Session beers are an often overlooked group of beers in the craft beer community. It seems that often the craft beer drinkers want to push the envelope of their palate by buying complex, overly hopped, and/or high alcohol beer. I have to admit I typically fall into this category, but over the last year I have began to appreciate the small subtler beers in life, the session beer. A session beer does not have an exact definition or style parameter. It does have a few loosely defined characteristics. Some purists think that a session beer should be less than 4%
, some think 4.5% is a better cut off number
for US drinkers. The Zythofile blog recently published “How Old is the Term ‘Session Beer
‘” and says it’s perhaps a bit more subjective…”So – there’s no rule that says session beers HAVE to be 4 per cent or lower, merely personal prejudice/preference, any cut-off level at all over what constitutes/does not constitute a “session beer” is going to be arbitrary, though personally I would suck my teeth and shake my head at anyone who suggested a beer over 4.5 per cent was a “session” brew, and my own view is to regard beers of 3.8 per cent and below as “truly” sessionable.
” Our own Eric Steen agrees that 4% or less should be the rule.
Nevertheless, the GABF “session beer” category is defined as beers between 4-5.1% and we’ll stick to that for the sake of this post. Session beers should be equally balanced with high drinkability. They are meant for the consumer to enjoy multiple beers over a course of a “session” (a few hours perhaps) without becoming intoxicated or full. With the advent of Session Beer Day approaching on April 7th, hopefully this post will be a guide for your beer purchases. Even though the Session Beer Day was intended by its founder to be for beers at 4.5% and less, I thought it would be worthwhile to mention 12 Colorado beers (call them near-session if you will) worth buying that fall into that GABF 4-5.1% definition.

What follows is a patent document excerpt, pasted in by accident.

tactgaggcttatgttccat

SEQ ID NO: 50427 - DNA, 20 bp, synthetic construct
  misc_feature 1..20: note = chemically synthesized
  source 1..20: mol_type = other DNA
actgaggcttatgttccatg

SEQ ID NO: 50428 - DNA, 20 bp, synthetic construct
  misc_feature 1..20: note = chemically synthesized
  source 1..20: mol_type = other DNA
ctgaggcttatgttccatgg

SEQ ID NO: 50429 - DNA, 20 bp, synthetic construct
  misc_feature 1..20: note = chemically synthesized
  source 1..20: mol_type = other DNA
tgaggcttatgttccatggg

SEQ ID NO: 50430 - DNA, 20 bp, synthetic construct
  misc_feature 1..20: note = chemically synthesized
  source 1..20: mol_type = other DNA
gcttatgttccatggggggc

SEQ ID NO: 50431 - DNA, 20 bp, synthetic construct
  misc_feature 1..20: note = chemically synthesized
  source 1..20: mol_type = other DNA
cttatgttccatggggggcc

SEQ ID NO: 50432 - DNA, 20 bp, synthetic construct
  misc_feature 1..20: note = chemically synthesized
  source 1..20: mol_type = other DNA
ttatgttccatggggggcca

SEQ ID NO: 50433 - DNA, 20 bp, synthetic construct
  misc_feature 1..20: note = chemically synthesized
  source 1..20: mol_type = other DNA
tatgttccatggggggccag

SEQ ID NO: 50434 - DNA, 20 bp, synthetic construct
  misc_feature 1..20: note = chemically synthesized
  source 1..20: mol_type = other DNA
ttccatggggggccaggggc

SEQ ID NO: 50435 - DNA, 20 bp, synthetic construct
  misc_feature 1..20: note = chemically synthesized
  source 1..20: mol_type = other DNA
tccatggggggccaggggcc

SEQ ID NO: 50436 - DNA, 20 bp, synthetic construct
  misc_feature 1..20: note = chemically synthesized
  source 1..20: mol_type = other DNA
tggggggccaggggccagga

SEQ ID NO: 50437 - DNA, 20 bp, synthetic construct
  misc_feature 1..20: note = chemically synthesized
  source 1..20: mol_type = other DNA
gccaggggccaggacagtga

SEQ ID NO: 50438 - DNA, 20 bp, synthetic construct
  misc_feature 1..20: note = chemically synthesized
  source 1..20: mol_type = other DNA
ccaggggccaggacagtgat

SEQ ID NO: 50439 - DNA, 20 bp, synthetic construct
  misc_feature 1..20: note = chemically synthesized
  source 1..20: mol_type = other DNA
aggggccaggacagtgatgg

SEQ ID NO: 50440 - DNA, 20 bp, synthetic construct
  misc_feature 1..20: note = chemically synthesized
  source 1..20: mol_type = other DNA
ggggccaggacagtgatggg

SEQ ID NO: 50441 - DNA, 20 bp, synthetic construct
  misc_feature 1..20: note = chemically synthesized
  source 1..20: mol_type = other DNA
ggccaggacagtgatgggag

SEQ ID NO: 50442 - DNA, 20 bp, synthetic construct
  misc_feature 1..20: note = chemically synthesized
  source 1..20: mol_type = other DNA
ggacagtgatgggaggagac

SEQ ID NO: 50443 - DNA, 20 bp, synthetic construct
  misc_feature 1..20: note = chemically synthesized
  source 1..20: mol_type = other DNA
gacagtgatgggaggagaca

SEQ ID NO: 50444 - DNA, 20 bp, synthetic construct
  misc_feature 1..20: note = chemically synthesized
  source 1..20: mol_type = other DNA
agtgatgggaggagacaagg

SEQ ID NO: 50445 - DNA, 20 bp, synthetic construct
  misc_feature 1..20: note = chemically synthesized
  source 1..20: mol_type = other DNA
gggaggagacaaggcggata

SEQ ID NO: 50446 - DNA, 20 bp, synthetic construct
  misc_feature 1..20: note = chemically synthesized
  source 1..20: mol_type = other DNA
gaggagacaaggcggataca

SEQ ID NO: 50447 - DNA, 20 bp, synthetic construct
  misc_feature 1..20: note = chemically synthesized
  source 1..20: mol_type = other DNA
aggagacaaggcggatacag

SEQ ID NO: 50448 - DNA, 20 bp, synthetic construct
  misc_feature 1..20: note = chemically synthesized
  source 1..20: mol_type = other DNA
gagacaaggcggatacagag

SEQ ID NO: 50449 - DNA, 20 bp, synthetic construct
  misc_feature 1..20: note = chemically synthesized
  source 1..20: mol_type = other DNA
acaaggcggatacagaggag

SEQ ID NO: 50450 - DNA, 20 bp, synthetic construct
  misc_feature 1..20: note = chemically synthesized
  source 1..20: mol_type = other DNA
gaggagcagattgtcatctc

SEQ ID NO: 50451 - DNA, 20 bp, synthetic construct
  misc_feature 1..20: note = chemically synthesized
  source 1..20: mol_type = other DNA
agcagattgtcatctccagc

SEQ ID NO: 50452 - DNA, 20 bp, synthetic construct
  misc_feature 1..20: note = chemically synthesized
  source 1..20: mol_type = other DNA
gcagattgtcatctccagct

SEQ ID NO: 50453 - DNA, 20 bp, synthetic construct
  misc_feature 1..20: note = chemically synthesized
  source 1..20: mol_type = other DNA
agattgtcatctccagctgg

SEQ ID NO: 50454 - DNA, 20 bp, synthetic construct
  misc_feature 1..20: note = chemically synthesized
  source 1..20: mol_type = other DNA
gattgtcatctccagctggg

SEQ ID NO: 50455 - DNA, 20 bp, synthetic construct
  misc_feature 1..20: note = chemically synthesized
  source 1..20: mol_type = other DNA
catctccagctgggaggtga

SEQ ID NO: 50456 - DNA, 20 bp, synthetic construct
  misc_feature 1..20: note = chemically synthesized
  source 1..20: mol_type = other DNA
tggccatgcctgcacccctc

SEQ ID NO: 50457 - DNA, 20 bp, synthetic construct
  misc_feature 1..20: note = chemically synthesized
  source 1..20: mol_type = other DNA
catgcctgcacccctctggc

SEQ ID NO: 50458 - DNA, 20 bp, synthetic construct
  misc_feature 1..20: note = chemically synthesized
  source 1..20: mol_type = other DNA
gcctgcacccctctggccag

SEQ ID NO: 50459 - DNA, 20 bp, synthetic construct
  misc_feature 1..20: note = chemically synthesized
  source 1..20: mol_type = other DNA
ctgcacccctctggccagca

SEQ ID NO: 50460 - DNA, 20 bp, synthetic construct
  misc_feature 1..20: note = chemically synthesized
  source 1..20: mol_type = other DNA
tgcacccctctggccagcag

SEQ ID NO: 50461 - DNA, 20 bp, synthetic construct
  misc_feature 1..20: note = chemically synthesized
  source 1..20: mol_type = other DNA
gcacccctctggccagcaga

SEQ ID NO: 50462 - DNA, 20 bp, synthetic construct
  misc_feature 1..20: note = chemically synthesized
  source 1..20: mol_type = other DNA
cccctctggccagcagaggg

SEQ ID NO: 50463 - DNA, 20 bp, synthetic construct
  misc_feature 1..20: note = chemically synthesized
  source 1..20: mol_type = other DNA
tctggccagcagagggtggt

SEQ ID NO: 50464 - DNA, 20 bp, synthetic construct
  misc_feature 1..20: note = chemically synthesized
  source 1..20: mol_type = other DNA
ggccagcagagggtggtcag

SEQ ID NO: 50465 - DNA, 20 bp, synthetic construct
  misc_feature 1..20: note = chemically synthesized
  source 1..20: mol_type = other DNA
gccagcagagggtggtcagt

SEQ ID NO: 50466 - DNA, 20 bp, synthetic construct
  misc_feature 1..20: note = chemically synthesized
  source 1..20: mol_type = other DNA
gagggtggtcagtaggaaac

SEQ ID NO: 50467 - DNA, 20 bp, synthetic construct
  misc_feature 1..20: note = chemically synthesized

These are beers you can buy in stores. Soon we’ll also post a few session beers that will be on tap at your local pub brewery on April 7th.
Beer: Joe’s Pilsner
Notes: A nicely hopped pilsner with noble German hops.
Beer: Agave Wheat
Notes: Very light unfiltered wheat with sublte agave nector
Beer: Mass Transit
Notes: A balanced amber ale from Colorado Springs. Rich auburn color and smooth caramel nutty flavor.
Beer: Berliner Weisse
Brewery: Dry Dock
Notes: Some banana, little clove and very refreshing. It has won three GABF medals.
Brewery: Great Divide
Notes: Slightly fruity, crisp, and refreshing. Contains rice and is unfiltered.
Brewery: Left Hand
Style: American pale ale
Notes: balanced light malt and citrus hops. A lighter version of the typical US pale ale.
Brewery: New Belgium
Style: pale lager
Notes: A light slightly sweet malt with a good hop kick. This one comes in a four pack of 16 oz. cans.
Beer:Easy Street Wheat
Notes: American style wheat. It has some slight citrus notes.
Beer: Mexican Lager
Notes: Very light and refreshing beer with a nice Saaz hop bite.
Brewery: Twisted Pine
Beer: Billy’s chilies beer
Notes: light bodied with five different types of chile’s that lends more flavor than heat.
Beer: Craft Lager
Notes:Light refreshing crisp and clean, this lager is made with snowmelt, Czech Saaz hops and lager yeast.